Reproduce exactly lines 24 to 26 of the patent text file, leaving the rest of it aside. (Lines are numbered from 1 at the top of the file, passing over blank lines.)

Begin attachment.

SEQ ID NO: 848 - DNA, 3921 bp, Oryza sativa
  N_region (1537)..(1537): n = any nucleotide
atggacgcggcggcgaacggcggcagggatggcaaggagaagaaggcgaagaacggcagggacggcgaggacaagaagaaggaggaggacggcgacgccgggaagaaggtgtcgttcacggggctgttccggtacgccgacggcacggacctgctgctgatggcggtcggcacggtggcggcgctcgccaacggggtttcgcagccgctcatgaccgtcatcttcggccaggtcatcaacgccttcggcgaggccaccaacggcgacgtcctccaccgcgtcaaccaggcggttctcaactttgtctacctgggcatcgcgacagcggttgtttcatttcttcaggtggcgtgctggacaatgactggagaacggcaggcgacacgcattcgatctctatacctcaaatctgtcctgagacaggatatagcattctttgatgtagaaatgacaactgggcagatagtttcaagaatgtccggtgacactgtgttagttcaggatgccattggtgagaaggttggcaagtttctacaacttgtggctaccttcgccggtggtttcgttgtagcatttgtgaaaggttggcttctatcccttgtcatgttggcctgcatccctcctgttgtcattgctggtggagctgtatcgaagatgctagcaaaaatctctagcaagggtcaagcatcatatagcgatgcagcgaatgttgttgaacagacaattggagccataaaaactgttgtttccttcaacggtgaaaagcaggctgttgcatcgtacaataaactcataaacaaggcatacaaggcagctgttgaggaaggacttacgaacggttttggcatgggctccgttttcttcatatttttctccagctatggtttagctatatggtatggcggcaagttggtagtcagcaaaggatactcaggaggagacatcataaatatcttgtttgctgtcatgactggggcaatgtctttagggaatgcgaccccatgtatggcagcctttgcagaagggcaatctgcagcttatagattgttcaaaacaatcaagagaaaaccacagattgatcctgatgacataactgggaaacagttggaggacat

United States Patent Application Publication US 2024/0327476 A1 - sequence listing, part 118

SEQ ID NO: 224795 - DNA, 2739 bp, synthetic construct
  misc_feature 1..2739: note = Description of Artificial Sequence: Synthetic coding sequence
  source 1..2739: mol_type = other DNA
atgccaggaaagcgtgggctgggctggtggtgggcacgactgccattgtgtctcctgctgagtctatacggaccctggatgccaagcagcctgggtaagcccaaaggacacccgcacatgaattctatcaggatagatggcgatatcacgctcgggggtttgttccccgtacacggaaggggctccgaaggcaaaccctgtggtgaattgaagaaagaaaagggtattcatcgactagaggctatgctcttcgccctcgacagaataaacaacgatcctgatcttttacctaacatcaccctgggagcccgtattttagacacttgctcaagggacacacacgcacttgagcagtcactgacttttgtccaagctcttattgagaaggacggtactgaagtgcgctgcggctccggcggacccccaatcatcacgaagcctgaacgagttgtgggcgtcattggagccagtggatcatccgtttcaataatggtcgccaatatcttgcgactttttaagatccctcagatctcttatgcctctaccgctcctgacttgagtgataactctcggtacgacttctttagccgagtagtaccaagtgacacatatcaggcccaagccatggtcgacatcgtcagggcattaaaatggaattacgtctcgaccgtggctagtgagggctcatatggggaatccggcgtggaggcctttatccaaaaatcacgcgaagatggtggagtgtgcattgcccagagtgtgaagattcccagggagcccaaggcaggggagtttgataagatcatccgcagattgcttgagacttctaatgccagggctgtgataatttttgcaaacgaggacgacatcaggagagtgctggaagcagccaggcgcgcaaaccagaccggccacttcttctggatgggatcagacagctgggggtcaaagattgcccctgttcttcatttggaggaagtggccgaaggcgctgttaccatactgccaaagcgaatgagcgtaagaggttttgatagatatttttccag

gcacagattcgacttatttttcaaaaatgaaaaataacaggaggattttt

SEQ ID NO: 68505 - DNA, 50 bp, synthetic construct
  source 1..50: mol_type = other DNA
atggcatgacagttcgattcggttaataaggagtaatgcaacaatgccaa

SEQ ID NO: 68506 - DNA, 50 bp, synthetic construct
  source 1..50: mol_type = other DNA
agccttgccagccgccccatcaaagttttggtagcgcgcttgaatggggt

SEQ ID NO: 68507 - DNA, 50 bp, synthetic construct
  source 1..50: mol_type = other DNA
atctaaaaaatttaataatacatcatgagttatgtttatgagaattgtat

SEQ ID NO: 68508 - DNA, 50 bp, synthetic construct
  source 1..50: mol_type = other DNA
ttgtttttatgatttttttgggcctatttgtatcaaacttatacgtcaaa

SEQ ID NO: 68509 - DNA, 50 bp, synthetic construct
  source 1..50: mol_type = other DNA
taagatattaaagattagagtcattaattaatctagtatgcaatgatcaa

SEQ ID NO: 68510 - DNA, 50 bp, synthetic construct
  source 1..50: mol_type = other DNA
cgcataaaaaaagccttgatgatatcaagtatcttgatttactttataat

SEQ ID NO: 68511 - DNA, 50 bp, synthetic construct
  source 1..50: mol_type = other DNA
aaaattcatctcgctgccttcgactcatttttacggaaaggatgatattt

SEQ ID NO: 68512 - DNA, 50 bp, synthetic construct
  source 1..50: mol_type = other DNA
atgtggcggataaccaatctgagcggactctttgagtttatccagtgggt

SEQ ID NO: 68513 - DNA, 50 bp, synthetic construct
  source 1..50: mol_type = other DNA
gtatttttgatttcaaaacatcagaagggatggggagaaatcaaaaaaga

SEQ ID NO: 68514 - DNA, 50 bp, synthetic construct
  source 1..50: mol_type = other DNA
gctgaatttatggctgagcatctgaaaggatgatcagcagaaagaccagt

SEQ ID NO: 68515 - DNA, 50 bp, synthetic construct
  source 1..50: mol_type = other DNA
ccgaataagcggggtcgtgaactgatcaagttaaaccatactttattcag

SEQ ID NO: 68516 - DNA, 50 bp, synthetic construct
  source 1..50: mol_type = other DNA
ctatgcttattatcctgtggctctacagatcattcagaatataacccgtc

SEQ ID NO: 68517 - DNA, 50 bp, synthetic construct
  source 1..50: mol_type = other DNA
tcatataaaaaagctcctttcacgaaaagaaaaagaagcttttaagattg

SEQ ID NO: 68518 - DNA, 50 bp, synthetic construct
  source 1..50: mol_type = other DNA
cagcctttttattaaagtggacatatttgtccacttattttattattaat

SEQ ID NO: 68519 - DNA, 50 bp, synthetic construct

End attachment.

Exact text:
taagatattaaagattagagtcattaattaatctagtatgcaatgatcaa

SEQ ID NO: 68510 - DNA, 50 bp, synthetic construct
  source 1..50: mol_type = other DNA